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New Mexico has one federal court, one state supreme court, and a state court. There are also trial courts with limited and general jurisdiction.
Partisan elections determine the five justices of New Mexico's Supreme Court and the 10 New Mexico Court of Appeals judges. The judges of New Mexico District Courts also get elected. Judges must be elected by at least 57% of eligible voters in order to serve an additional term.
The United States District Court for the District of New Mexico is the federal district court for New Mexico. Appeals from federal courts are made to the U.S. Court of Appeals, 10th Circuit.
New Mexico's Supreme Court is the court that will rule in the last resort. In cases of life sentences and writs de habeas corpus, the court can hear direct appeals. All cases brought to the Supreme Court by the Public Regulation Commission or election challenges are also referred directly to it. The court is able to grant or deny petitions seeking writs for habeas corpus, certiorari, and other unusual writs. Although the court is allowed to consider certified questions from federal courts or the New Mexico Court of Appeals, it is not required to do so.
The New Mexico Court of Appeals serves as the intermediate appellate court for New Mexico. The Court of Appeals is able to hear appeals from administrative agencies and interlocutory courts in civil and non-capital criminal cases. All appeals from lower courts are accepted, except for those involving capital punishment, life imprisonment, habeas corpus, and appeals from The Public Regulation Commission. Each year, the court handles approximately 900 cases.
District courts are courts with general jurisdiction where jury trials are held. They are divided into 13 judicial districts, each with 94 judges.
New Mexico is often portrayed as an arid desert. However, it has one of the most varied landscapes in the United States. It includes wide deserts with verdant grasslands and broken mesas, as well as high, snowcapped peaks. Nearly a third is covered by timberland with the northernmost mountains dominating the landscape. The Sangre de Cristo Mountains are the southernmost part of the Rocky Mountains. They run roughly north-south along a portion of the Rio Grande's east side, in the rugged and pastoral north. The Great Plains extend into New Mexico's eastern third, with the Llano Estacado as its western boundary. The Colorado Plateau dominates New Mexico's northwestern quadrant. It is distinguished by its unique volcanic formations and dry grasslands and shrublands. The south is dominated by the Chihuahuan Desert which is North America's largest.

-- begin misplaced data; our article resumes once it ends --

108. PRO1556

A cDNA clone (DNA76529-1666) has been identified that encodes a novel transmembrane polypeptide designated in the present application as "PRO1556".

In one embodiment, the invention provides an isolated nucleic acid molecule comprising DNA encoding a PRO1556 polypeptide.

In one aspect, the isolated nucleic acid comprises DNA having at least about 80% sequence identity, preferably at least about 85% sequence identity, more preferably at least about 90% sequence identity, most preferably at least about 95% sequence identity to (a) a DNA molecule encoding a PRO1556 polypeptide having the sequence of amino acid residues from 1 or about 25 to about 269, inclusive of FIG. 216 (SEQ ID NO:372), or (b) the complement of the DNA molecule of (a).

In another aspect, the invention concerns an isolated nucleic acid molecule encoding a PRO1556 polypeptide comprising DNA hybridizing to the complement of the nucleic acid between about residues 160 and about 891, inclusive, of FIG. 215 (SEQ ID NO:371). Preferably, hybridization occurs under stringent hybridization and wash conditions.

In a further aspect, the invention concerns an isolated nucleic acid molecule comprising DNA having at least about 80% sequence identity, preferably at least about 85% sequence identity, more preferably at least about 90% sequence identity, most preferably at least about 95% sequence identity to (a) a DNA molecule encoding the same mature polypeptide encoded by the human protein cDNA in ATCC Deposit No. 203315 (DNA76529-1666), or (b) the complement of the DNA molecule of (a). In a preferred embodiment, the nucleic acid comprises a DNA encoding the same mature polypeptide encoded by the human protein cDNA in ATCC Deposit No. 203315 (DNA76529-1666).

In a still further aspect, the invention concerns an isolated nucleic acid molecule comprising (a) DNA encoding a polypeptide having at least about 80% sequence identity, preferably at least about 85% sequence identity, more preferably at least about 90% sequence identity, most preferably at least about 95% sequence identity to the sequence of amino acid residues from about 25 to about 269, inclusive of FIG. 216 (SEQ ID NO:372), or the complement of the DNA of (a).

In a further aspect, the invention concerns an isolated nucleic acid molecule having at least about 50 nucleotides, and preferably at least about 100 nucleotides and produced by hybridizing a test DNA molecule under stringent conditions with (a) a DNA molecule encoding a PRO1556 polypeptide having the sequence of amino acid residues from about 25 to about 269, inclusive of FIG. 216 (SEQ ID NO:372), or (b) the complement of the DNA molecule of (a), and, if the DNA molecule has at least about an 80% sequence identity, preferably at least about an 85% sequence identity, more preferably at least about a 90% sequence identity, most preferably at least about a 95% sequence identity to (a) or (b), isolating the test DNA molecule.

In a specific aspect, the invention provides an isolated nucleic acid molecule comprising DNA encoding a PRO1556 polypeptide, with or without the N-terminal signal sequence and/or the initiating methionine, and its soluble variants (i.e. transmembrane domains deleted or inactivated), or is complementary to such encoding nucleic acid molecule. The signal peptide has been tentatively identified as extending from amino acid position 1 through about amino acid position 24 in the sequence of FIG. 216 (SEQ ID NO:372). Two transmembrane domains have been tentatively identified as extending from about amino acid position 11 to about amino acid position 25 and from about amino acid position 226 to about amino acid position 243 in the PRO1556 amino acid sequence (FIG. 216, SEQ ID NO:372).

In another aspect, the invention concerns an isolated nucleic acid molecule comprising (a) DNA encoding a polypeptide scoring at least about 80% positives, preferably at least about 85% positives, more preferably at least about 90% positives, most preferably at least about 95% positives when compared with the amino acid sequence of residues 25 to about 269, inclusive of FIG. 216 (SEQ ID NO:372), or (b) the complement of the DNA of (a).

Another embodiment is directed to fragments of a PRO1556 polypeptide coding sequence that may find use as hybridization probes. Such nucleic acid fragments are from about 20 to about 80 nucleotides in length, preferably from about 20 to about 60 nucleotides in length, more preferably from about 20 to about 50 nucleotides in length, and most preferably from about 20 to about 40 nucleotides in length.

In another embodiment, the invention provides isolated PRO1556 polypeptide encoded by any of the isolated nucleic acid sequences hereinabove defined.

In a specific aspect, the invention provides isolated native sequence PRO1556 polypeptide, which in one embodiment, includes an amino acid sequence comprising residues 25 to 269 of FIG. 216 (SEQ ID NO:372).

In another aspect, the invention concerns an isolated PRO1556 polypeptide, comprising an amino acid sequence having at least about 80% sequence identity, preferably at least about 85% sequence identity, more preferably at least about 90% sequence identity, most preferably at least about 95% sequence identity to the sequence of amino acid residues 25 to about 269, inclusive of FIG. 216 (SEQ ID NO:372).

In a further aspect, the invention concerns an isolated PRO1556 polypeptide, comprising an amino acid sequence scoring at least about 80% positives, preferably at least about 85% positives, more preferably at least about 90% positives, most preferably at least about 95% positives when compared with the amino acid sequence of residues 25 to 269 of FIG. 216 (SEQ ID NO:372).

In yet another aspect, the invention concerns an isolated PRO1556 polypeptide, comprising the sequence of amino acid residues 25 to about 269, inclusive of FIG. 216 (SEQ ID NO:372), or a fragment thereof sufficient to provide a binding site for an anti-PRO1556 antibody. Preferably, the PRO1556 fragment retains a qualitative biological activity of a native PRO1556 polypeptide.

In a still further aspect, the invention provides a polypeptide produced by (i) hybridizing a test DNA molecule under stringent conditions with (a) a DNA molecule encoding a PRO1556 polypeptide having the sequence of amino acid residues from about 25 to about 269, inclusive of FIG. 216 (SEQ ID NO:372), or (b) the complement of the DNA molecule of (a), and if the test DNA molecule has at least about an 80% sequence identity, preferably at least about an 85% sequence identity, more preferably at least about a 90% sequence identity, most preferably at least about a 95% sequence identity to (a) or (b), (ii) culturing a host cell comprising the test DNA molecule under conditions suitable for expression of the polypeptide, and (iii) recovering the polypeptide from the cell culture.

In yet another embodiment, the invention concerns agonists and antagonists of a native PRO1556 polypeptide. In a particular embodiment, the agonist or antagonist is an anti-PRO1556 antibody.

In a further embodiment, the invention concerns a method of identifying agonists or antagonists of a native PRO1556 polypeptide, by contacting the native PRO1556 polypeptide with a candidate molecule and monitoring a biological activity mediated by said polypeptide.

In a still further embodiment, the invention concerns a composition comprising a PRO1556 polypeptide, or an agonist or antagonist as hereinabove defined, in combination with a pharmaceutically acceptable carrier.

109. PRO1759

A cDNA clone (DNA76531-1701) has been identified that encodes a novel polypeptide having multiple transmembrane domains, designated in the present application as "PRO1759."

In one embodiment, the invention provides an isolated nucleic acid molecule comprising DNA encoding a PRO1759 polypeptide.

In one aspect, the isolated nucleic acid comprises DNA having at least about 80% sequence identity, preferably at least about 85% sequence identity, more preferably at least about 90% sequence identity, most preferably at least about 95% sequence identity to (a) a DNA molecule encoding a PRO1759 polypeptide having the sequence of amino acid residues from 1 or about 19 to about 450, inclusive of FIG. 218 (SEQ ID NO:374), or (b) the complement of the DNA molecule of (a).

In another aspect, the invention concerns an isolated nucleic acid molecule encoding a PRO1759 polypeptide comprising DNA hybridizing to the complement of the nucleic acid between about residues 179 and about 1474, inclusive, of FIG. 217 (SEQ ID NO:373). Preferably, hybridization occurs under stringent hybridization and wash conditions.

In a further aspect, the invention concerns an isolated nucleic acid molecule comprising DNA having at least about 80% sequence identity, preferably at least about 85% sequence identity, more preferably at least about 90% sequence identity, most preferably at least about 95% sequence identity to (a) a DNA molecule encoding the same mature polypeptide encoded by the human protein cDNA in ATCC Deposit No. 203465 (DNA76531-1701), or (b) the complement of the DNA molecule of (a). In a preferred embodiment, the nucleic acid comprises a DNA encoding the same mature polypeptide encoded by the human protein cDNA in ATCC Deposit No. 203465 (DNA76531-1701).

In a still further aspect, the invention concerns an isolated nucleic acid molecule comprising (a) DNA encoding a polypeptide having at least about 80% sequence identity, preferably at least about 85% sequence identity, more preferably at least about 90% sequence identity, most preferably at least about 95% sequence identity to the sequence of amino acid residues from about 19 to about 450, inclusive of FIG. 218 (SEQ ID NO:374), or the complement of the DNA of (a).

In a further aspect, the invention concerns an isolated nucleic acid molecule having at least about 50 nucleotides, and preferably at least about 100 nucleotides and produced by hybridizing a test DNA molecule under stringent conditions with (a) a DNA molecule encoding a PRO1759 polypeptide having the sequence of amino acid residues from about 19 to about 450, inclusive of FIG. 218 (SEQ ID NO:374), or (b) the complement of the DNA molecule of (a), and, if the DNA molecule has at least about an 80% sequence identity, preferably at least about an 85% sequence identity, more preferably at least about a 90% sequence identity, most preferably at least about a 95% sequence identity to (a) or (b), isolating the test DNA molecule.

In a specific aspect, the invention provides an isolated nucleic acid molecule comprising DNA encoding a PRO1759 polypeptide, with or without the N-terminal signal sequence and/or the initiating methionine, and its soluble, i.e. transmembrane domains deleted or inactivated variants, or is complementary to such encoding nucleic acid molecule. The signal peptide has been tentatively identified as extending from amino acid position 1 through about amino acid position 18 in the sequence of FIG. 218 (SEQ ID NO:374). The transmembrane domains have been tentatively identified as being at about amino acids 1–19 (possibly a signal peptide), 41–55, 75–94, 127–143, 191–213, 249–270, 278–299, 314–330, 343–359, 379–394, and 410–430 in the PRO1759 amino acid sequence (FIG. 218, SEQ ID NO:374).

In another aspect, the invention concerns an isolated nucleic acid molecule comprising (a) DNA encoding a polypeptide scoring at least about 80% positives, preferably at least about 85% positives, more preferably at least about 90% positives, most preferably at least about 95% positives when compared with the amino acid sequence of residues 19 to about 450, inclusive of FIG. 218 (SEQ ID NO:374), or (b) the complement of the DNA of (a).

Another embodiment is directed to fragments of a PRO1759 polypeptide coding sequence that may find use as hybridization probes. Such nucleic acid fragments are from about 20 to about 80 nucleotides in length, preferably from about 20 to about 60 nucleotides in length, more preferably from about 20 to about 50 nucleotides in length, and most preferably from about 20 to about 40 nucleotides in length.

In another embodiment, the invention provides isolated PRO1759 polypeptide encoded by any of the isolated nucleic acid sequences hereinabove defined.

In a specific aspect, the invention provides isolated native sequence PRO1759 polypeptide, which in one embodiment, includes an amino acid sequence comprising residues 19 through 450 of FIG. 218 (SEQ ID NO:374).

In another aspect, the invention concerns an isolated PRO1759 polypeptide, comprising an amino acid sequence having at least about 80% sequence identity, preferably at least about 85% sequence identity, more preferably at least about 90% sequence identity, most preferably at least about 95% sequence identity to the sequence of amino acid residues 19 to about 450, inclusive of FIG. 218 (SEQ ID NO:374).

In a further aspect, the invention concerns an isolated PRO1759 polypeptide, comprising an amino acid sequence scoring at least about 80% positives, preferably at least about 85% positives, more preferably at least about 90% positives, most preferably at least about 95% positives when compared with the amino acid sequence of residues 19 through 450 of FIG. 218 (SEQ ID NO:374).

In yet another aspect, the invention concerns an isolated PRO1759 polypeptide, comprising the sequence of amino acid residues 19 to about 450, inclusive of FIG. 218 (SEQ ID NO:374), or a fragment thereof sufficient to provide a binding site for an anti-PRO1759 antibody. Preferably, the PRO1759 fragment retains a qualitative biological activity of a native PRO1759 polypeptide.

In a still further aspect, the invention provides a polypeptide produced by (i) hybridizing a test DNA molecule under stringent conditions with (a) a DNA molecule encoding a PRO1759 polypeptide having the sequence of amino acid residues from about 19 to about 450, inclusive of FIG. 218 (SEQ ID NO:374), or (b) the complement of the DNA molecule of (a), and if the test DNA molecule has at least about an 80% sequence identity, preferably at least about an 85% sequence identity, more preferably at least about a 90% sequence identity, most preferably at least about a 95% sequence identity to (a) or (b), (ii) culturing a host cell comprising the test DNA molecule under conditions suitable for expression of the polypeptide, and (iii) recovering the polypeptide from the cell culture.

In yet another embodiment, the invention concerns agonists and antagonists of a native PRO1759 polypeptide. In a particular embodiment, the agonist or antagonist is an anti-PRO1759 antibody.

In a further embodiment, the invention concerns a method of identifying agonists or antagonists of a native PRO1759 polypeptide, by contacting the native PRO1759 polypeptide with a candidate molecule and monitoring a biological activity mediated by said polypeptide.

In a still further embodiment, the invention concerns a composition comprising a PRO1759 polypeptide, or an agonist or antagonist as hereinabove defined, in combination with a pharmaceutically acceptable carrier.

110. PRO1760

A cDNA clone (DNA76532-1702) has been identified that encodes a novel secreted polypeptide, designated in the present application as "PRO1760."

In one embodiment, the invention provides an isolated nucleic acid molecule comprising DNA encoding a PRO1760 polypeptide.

How much does a lawyer cost in New Mexico?
While prices between lawyers may vary, the average price per hour for a lawyer is between $120 and $380 per hour. Since prices may vary, be sure to ask potential lawyers for their pricing information before moving forward with them.
How do I find a lawyer in New Mexico?
With Attorney At Law’s search widget, it’s easy to find lawyers near you. Just select the practice area you’re looking for and the location you need, and AAL will automatically gather all relevant results.
How many active attorneys are there in New Mexico?
There are approximately 40,000 active lawyers in the state of New Mexico. This number reflects all lawyers registered with The State Bar of New Mexico.
Who licenses attorneys in New Mexico?
The New Mexico State Bar licenses all attorneys in New Mexico. A lawyer that is not licensed by the state bar association cannot practice law in full capacity.
How can I get free advice?
If you’re looking for free advice, you can browse hundreds of articles on Attorney At Law’s blog, or reach out for free advice.